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Euphorbia mammillaris (aka fimbriata) variegated out in garden... such an easy plant I forget I have it most of the time.... sort of getting swallowed up in the garden


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here's another that is sort of wasted in the garden... have to pot this one soon before I accidentally step on it


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this is a plant I at least took the time to put in its own pot... Euphorbia susannae...


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Here is an unknown species, though seems to be related to E ammak... skinnier and more spiny, though... picked up speed these last few years.. .was just 1 foot tall when planted 6 years ago. Almost caught up to this Beaucarnea.


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Euphorbia peltigera (like a miniature version of Euphorbia hamata) in a pot ... but old black plastic pot it came in... need to repot it someday... these plants are amazingly tolerant of being the same pot and the same soil for what seems like decades...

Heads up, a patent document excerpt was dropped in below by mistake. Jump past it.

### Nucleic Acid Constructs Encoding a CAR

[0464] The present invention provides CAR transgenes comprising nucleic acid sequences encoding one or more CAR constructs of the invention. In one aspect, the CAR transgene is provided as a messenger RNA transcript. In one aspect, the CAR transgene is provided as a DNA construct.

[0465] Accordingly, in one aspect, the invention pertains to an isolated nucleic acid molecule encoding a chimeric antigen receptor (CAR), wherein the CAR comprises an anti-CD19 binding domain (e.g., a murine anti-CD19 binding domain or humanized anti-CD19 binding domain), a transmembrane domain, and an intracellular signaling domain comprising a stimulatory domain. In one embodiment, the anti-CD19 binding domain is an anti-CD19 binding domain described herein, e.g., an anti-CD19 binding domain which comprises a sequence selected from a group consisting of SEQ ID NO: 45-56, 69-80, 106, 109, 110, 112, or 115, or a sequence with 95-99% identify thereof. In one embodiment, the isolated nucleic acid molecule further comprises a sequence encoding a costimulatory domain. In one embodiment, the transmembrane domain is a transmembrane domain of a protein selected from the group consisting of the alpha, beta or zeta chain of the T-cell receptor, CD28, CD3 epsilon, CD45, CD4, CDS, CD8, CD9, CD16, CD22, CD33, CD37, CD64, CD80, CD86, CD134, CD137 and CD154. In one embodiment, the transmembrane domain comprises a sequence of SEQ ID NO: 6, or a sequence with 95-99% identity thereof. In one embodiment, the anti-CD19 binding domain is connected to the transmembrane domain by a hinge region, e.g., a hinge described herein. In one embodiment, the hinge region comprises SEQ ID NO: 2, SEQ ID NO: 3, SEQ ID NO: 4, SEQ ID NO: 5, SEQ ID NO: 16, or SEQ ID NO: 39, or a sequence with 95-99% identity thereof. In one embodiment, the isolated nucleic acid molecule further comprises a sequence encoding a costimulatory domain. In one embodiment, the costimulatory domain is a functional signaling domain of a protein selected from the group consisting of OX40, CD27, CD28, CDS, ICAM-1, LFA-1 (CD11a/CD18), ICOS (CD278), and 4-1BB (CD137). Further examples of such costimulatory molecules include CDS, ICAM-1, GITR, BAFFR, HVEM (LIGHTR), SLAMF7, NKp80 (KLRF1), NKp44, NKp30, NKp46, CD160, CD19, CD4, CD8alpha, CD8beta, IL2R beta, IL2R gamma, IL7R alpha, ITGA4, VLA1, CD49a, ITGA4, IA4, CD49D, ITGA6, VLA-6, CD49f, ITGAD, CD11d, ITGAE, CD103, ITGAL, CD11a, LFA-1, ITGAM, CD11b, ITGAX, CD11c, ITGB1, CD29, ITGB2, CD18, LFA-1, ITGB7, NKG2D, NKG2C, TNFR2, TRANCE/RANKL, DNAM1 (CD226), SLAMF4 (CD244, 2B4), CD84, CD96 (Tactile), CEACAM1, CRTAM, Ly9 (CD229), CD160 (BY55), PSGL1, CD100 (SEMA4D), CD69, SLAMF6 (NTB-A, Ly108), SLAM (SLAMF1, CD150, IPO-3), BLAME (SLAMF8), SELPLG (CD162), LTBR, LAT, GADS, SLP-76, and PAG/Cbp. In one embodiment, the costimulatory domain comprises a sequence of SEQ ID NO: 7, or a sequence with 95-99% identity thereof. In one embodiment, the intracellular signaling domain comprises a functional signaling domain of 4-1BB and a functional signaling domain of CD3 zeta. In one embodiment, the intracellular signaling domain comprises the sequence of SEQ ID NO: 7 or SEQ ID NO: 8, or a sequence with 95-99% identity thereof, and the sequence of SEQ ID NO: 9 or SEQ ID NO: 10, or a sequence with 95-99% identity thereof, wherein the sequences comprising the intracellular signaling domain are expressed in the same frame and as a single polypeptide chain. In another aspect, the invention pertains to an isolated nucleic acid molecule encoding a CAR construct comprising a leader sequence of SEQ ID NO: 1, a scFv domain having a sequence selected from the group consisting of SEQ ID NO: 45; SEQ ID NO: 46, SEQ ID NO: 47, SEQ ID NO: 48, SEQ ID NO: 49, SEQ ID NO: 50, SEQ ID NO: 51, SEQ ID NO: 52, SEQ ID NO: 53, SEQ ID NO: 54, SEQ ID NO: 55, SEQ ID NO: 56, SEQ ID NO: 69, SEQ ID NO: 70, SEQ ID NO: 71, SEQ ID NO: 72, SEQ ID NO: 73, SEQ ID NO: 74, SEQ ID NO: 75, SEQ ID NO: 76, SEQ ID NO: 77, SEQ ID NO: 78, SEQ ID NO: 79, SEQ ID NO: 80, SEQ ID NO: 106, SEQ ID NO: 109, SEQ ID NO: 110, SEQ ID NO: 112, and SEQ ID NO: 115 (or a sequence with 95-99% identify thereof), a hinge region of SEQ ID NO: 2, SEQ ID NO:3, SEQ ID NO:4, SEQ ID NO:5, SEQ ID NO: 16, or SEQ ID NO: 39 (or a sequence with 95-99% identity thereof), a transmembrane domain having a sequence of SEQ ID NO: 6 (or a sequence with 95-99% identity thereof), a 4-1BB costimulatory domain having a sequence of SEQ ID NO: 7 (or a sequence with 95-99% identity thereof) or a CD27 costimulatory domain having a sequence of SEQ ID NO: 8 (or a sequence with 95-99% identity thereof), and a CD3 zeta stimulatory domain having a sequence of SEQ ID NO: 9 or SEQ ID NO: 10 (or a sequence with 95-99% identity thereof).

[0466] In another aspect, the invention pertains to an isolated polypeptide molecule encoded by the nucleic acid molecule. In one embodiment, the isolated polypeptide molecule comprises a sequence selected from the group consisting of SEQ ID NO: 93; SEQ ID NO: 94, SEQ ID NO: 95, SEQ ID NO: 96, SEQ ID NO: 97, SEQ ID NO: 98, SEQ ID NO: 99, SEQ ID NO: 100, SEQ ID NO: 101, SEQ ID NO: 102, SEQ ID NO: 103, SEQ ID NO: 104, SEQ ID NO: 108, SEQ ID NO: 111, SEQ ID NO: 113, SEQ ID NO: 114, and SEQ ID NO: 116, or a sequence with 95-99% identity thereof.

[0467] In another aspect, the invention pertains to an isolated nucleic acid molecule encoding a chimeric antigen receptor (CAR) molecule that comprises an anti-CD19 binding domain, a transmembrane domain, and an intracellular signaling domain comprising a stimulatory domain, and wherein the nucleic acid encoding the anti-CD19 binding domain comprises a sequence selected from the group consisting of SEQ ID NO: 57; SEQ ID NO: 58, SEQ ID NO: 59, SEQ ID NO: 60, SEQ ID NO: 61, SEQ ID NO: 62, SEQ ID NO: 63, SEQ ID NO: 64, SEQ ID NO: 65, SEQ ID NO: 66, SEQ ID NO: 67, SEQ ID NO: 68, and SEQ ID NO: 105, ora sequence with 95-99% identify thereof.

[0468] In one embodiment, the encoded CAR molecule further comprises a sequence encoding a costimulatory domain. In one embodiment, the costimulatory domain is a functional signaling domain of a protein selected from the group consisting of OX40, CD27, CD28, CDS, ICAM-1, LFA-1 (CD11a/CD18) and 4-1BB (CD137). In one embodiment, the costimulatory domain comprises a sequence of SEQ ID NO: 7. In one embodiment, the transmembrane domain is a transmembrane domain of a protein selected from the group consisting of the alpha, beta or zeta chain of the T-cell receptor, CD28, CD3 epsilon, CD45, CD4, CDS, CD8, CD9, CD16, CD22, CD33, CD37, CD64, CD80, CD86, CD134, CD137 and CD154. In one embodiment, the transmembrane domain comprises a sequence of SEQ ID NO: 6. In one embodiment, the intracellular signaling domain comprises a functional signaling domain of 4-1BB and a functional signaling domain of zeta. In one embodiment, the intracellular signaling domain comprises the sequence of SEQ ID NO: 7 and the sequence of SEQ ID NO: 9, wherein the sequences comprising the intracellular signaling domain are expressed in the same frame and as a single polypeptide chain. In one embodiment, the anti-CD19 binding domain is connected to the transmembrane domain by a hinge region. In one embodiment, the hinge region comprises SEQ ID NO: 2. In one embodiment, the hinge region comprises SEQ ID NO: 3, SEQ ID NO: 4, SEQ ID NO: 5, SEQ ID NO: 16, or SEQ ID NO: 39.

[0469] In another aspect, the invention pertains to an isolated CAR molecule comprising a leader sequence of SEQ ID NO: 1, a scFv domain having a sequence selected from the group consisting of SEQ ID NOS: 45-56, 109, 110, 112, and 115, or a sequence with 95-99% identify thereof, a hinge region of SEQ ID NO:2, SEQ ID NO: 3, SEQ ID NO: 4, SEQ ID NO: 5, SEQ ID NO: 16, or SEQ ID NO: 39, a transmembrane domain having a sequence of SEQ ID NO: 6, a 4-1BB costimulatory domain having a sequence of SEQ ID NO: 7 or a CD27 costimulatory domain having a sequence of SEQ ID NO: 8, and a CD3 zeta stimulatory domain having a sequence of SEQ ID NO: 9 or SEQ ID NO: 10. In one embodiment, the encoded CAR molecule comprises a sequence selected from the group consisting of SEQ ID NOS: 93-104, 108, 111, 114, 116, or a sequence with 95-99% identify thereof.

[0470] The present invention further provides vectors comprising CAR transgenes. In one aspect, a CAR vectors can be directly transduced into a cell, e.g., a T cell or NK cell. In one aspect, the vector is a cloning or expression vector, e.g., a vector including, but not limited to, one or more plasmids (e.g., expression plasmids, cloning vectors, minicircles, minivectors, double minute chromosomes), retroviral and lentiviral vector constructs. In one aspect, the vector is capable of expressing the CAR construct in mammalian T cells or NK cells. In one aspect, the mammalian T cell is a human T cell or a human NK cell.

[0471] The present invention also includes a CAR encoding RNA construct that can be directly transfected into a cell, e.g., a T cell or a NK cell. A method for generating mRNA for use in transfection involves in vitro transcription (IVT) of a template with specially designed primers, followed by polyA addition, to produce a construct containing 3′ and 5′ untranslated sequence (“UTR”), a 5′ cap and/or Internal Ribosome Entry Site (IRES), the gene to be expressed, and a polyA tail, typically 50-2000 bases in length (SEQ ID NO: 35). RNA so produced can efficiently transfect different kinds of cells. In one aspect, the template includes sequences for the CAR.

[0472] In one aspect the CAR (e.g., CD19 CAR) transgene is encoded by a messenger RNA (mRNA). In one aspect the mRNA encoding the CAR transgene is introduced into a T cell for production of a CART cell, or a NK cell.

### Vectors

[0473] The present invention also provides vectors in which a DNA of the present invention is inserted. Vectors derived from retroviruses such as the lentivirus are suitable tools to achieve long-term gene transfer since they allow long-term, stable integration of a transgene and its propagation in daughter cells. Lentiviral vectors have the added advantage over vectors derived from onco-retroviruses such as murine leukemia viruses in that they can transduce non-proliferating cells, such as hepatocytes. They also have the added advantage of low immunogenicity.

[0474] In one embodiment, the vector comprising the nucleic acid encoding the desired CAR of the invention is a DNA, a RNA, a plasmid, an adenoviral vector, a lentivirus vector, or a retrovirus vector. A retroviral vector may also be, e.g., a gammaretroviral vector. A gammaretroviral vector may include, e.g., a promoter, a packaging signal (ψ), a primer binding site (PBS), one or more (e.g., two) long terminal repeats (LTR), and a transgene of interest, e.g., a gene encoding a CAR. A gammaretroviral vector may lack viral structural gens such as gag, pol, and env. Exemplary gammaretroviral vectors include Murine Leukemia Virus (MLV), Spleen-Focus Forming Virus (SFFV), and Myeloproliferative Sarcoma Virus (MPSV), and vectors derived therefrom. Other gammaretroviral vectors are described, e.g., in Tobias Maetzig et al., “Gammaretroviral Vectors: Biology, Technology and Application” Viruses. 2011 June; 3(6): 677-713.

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Euphorbia bicompacta (aka Synadenium grantii etc.)... looks great all year round until end of December.. .then just a bunch of sticks for till the end of February when it starts making leaves again.


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it is, in this climate, one of the easiest Euphorbias to grow (easiest of all plants perhaps) ... this was a 6" 'cutting' (a 'snappling' actually... I just snapped off a small branch and stuck in in the soil) last year... and now it's already about 4' tall and growing fast.


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another super easy species... E echinus... also grows wherever one of its branches is stuck in the ground.


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Euphorbia hamata flowers this time of year


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Lastly (for now) Euphorbia jansvallensis looking good if not a bit too etiolated this time of years


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What an unbelievable collection you have!!!


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How come such a limited variety of Euphs on here?

If I had access to my accounts at Home (Internet & phone down at home post Hurricane damage), I'd be posting more of them myself.